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prefab ranch home What is a prefabricated home?  In a nutshell, a "prefab home" refers to several different types of building systems in which a home is partially or entirely constructed, manufactured, or assembled in a factory, assembly plant, or lumber yard.

While early prefab homes were simple, today's prefab homes are customized to suit their buyers' needs, and can be very elaborate.  Today's prefab homes are available in all kinds of floor plans with all kinds of detail, depending upon buyer preference.

Why would someone choose a prefab home over a stick-built home?  Prefab homes have greater energy efficiency, produce less waste during the construction process, are considerably faster to build, and are built using techniques designed to promote their strength.  Most manufacturers of prefab homes offer options that allow home buyers to customize their house plans.

prefab roof trusses There are several different systems that fall under the "prefab" definition.  These include modular, panelized, and log homes as well as timber frame, concrete, and steel frame homes.

Of all prefab homes, modular homes arrive on site the most complete.  Modules, which are basically boxes, are built at a factory and then shipped to the site by truck.  Because of the shipping process and the fact that the boxes have to be lifted on cranes, the modules are constructed to be particularly strong.  Today's modular homes come in a variety of sizes and can be custom built.

Panelized homes comprise wood panels built out of 2 by 4 lumber or structural insulated panels.  Complete wall, floor, and roof segments are shipped to the location, where they are put together like a large puzzle.  Panels can be used to build an entire house, or just part of it, like a roof truss.

prefabricated log home While log homes have been around for centuries, today's models bear little resemblance to the log cabins of pioneer times.  Most of today's log homes are built in a factory, and then assembled on the home site.  Some of the logs are handcrafted, while others are milled.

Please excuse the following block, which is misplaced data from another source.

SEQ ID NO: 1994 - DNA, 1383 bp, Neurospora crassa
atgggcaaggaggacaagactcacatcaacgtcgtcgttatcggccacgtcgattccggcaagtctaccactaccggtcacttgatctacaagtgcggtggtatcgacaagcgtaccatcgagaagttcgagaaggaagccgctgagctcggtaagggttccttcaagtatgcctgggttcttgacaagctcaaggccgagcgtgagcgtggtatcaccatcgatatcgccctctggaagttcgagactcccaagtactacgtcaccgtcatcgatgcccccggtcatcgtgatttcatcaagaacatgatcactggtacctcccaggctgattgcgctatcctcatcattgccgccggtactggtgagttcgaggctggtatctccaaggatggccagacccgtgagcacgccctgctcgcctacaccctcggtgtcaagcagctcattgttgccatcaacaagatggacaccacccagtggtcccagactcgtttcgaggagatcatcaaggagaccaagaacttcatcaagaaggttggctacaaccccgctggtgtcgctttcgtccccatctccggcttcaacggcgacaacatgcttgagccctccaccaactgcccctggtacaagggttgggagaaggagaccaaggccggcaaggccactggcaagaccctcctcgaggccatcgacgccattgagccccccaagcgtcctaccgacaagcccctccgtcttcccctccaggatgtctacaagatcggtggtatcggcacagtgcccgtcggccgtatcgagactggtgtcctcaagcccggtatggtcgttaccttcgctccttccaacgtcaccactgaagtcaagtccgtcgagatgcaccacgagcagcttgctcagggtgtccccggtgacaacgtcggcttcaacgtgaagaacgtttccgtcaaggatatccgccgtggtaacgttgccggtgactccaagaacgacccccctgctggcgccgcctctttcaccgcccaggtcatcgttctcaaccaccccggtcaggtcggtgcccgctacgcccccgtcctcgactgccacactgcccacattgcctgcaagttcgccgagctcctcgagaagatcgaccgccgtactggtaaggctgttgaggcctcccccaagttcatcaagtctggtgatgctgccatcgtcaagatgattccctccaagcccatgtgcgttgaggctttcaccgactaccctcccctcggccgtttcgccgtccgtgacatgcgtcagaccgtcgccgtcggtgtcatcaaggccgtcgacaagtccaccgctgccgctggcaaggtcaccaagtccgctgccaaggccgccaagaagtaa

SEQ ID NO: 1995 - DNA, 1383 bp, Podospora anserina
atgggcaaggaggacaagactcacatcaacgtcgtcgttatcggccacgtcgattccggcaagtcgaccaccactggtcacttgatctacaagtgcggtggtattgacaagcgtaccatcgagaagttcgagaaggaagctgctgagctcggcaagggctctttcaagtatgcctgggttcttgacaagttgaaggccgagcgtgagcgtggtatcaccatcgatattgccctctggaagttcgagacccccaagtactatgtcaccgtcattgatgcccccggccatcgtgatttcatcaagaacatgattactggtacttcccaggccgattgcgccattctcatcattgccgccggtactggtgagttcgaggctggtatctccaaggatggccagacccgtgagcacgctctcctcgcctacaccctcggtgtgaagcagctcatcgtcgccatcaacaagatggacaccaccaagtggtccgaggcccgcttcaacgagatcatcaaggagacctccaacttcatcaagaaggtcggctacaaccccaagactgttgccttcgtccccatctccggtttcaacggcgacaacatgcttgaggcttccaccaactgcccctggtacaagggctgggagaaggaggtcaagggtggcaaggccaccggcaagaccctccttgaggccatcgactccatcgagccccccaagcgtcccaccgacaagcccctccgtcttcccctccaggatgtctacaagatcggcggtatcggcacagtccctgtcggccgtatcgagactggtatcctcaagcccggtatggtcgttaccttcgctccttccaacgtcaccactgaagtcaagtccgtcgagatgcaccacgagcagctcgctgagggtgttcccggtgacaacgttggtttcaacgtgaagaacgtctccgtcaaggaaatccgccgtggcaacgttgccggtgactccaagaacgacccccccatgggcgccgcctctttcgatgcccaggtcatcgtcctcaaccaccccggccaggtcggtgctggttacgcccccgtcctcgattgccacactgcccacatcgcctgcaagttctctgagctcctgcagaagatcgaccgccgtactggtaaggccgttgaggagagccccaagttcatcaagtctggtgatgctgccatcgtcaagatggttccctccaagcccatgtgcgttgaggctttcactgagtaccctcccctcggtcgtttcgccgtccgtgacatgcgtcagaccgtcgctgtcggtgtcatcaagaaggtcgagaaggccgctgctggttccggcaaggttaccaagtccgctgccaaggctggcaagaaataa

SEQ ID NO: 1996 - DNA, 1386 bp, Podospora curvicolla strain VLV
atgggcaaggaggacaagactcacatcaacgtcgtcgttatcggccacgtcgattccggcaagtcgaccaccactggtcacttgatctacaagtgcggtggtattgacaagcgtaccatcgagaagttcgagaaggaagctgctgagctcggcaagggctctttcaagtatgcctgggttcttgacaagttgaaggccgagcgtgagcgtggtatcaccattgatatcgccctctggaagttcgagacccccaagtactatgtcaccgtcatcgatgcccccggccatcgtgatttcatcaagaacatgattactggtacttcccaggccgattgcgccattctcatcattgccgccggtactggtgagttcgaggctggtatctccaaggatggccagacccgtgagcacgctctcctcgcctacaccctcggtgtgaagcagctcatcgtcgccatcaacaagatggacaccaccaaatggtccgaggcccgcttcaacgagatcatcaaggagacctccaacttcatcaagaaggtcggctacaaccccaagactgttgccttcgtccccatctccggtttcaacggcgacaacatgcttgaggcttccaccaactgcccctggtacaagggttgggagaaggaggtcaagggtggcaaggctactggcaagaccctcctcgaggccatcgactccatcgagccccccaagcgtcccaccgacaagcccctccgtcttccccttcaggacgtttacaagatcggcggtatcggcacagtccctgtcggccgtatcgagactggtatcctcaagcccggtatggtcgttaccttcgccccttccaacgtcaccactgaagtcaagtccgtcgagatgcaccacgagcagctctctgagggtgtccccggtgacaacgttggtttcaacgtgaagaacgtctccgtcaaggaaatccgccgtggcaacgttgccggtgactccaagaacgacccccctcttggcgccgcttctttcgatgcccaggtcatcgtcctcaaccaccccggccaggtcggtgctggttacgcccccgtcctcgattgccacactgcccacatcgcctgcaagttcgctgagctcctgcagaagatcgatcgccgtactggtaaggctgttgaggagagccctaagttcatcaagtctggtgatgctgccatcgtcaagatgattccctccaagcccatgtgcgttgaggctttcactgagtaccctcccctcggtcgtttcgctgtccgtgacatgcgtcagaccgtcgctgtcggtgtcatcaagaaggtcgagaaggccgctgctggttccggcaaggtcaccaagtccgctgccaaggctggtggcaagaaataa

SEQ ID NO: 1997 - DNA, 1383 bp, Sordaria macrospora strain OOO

Timber-frame homes feature exposed posts and beams and high ceilings, and most of today's timber-framed homes are built in a factory.  Timber-frame homes use computerized measuring and cutting equipment to get the pieces just right.

While concrete homes have been built in Europe for years, they are not very popular in the United States.  About 16 percent of homes in the United States use some sort of prefab concrete panels.  While concrete can be somewhat costly, it is widely available, easy to make, weatherproof, and incredibly strong.  Concrete is also very energy efficient.

prefabricated desert home Steel prefabricated parts are being used more and more.  A good alternative to wood, homes made with steel prefab parts are stable and resist weather-related damage, fare better in fire, and have fewer concerns when it comes to pests.

While all of the above construction falls under the banner of prefab, many of today's houses are built using a combination of systems.  Using a combination of building systems means that design and construction process variations are limitless.

For more information about prefabricated home building systems and prefab home builders, please visit the National Association of Home Builders' Modular Building Systems web page.


  • Buchanan, M. (2004).  Prefab Home.  Salt Lake City:  Gibbs Smith.
  • Koones, S. (2006).  Prefabulous.  Newtown, Connecticut:  Taunton Press.

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